Systems and methods in accordance with embodiments of the present invention can overcome deficiencies in existing information systems by changing the way in which information system is accessed. A resource adapter can expose certain capabilities in an information system, such as an Enterprise Information System (EIS). An application view that is specific to the resource adapter can be used to allow a user or client application to access the capabilities exposed by the resource adapter. Instead of having a connection factory for each application view, a shareable connection factory can be used to provide a connection between the resource adapter for the application view and the information system. An application-programming interface can be used to provide the functionality that allows the connection factory to be shareable. The shareable connection factory can provide connections to the information system for multiple application views. A user can designate an application view to use a shareable connection factory by referencing the connection factory at application view design time.
Other features, aspects, and objects of the invention can be obtained from a review of the specification, the figures, and the claims.
Systems and methods in accordance with embodiments of the present invention can allow multiple application views to share a common connection factory. One such system is shown in the diagram of
An AI application programming interface (API) can be used to support shared connection factories. Such APIs can contain shareable connection functionality to allow multiple application views to share a connection factory. An application integration system may only make owned connection factories available to a user, but can expose any existing connection factories. These connection factories can be sharable among newly created application views. Owned connection factories can still be created when a user defines a new application view.
Changes to an existing AI system can be required, such as the way in which users interface with system, to integrate shareable connection factories into the design-time interfaces. A user may wish to be able to select the type of connection for an application view, such as a ‘shareable’ connection or an ‘owned’ connection. A user may also wish to see a list of available connection factories, as well as the properties of those connection factories. In one example, multiple pages of a user interface can be used to show connection factory properties, such as a summary of attributes from a shareable connection factory. In addition, an AI console can be used that implements a new page to display references to a shareable connection factory. A reference page can display any application view currently using a shareable connection factory, and can allow the client to un-deploy all referenced application views.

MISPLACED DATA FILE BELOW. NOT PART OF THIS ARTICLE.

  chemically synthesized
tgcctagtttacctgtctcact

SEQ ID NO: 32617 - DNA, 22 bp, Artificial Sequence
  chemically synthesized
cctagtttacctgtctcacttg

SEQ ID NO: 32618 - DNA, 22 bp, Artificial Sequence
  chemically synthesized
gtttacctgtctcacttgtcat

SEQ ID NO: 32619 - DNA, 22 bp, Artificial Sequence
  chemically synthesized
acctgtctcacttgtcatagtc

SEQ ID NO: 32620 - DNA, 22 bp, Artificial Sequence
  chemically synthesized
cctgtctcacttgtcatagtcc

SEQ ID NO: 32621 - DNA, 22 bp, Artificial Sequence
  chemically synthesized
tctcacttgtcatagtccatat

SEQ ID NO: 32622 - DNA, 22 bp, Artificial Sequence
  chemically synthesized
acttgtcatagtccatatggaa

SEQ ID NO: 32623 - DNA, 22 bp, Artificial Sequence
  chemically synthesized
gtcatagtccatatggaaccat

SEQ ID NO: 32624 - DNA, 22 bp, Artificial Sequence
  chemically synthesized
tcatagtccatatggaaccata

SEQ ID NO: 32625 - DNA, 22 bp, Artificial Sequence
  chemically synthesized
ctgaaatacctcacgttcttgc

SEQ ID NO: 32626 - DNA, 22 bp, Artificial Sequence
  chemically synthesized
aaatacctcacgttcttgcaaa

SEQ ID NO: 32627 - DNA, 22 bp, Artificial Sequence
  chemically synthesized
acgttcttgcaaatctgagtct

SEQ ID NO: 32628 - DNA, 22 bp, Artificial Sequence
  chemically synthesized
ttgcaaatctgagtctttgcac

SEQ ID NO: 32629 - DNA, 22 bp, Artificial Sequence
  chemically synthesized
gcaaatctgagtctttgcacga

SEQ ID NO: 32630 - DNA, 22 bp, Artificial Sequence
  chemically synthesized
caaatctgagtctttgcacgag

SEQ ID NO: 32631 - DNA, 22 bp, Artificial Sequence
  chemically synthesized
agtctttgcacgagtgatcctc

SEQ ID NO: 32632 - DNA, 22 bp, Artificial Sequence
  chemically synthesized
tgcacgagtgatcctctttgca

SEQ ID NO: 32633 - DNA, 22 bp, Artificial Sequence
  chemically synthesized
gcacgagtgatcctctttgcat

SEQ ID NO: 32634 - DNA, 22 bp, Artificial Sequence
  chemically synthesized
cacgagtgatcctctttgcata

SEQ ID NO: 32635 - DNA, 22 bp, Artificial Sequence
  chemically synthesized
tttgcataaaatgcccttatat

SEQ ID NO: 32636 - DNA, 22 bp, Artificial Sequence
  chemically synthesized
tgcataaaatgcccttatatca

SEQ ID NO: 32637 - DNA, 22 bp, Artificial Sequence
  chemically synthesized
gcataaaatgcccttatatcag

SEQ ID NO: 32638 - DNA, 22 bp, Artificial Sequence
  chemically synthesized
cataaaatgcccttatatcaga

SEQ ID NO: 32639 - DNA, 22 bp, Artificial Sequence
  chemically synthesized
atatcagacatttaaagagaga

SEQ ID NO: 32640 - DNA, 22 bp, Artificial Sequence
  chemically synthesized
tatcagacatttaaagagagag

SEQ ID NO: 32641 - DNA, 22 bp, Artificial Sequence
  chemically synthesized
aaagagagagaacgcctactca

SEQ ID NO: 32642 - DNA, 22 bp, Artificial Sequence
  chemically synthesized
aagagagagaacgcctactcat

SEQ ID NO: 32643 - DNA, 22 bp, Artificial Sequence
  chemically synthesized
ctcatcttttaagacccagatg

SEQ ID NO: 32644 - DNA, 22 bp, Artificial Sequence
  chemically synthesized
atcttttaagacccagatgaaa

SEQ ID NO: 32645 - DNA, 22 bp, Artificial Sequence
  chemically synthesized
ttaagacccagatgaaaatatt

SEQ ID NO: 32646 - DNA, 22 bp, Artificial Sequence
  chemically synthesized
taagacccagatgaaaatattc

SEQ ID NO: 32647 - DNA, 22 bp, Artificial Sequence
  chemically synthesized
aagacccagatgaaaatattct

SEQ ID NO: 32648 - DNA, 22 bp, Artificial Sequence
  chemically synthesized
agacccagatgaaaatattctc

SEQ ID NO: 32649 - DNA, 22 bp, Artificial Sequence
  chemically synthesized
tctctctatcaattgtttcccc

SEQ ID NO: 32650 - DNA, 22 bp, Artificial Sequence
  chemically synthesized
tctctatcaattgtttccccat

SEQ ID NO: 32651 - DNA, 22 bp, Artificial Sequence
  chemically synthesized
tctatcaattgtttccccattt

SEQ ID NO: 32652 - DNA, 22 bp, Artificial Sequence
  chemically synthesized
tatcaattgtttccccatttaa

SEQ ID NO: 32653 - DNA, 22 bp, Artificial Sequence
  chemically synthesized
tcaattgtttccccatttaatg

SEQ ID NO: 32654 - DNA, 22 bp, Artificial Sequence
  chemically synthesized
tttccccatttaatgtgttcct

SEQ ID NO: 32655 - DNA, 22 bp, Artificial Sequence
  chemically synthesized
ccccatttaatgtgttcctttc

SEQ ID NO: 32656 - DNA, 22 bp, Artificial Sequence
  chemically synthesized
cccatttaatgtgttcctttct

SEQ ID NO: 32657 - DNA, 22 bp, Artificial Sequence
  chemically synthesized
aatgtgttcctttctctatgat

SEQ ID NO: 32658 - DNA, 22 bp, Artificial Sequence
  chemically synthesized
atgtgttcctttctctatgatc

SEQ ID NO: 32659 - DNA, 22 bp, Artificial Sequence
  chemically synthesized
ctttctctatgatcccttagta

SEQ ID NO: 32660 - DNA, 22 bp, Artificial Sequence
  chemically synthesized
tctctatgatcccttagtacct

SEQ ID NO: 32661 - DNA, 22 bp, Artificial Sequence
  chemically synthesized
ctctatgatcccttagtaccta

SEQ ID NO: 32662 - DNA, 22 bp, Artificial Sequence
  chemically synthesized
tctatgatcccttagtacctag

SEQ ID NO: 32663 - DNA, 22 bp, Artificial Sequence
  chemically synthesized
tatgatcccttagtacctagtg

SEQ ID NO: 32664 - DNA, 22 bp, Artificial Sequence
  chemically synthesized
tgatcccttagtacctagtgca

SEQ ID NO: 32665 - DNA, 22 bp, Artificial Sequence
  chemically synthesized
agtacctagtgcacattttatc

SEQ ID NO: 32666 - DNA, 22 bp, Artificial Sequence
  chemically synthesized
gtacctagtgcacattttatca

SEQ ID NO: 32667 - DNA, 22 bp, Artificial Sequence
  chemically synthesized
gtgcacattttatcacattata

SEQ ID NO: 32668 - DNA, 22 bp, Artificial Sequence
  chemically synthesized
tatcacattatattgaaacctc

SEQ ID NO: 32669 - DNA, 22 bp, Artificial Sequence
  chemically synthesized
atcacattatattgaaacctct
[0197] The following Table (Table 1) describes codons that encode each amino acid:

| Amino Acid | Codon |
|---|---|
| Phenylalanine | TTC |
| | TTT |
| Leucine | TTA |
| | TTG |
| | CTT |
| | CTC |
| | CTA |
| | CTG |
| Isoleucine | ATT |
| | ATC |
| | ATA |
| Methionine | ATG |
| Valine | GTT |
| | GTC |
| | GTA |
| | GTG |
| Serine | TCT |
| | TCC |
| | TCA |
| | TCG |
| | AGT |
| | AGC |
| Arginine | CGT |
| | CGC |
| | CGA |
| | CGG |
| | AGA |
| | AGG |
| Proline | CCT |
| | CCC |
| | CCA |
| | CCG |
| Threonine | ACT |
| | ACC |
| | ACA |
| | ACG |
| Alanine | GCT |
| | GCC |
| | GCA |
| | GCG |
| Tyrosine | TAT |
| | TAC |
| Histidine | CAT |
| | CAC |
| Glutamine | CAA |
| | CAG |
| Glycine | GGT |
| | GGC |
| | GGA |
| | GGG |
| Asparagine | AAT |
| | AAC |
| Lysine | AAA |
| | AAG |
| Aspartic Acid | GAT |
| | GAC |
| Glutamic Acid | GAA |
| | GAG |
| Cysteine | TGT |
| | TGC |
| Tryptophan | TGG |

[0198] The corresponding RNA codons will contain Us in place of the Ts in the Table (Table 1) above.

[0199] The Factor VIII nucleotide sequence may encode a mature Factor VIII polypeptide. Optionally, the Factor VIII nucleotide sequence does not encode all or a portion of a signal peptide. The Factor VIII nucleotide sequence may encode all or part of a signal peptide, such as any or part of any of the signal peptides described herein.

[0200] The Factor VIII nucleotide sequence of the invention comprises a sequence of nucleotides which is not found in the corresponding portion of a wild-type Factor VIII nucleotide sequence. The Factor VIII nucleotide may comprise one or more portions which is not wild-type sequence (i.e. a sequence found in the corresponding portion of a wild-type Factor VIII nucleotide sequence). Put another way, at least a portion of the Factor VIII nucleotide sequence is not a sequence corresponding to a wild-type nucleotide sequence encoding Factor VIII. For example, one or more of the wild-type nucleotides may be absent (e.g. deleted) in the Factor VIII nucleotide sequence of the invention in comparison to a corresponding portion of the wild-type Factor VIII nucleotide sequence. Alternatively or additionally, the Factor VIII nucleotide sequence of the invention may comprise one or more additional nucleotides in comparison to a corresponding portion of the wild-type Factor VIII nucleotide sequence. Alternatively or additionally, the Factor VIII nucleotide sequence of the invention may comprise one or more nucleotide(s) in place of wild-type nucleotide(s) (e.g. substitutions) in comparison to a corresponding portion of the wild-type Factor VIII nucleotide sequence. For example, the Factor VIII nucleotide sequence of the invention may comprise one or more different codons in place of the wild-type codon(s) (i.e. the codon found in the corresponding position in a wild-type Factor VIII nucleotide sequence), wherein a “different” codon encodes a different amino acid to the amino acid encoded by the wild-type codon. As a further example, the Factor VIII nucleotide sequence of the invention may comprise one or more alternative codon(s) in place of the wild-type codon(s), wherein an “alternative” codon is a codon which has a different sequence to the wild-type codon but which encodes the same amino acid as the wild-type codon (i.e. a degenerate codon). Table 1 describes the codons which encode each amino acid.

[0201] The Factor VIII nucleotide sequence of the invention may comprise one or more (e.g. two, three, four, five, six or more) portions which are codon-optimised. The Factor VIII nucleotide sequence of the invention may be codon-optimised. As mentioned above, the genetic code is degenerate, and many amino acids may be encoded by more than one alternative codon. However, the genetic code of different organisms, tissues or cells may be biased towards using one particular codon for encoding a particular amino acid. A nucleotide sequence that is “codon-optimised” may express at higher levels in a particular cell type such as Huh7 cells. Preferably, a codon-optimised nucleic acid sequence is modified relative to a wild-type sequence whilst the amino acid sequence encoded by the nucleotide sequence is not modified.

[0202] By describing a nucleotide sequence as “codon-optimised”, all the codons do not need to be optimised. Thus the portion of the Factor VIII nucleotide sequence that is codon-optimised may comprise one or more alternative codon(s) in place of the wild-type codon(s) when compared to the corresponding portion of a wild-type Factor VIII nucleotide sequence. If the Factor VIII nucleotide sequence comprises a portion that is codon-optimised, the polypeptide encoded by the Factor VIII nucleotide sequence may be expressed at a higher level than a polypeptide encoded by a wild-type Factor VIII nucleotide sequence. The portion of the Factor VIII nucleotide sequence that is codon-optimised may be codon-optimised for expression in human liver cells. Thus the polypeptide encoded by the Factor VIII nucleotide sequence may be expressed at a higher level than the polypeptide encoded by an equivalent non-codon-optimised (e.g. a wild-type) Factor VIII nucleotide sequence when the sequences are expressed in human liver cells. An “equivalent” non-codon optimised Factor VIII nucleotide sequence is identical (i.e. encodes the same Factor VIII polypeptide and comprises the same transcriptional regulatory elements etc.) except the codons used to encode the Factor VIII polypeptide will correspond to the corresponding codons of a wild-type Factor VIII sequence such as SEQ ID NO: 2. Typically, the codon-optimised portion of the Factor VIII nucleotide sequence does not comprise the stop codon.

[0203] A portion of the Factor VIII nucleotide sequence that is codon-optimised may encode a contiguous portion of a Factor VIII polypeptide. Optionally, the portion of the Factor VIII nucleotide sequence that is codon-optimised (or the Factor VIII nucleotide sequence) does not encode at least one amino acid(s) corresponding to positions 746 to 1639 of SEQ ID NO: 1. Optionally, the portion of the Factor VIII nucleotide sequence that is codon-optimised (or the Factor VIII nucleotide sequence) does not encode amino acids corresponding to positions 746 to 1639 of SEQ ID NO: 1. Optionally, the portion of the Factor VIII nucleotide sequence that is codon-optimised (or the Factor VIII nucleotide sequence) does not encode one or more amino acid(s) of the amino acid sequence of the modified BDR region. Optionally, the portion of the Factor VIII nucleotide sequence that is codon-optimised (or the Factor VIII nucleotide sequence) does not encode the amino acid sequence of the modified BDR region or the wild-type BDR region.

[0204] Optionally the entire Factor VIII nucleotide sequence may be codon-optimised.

Shareable connection factories can be determined by using connector component managed beans (MBeans). These MBeans can also be used to determine the Java Naming and Directory Interface (JNDI) locations of those connections. The JNDI specification is published by Sun Microsystems, Inc., of Santa Clara, Calif. The JNDI location of a connection can be set into an application view property, such as “connectionFactoryJNDIName.” An application view deployer can use this property to later deploy the application view. Since a connection factory can be deployed into any JNDI location, there may be no need to identify owned connection factories. Owned connection factories can be determined by a lookup in the repository. If the connection factory exists in the repository, the factory may be unable to be shared.
In some embodiments, the only object having knowledge of an adapter logical name is the connection factory. This name can be used to uniquely identify an adapter and any associated resources. This attribute may not be available to design-time interfaces if the application view uses a shareable connection factory. This attribute can be added to an application descriptor interface, such as “ApplicationDesciptor.” In addition, any methods in an administration deployer extracting administration information objects may need to be reviewed for usage of the logical name.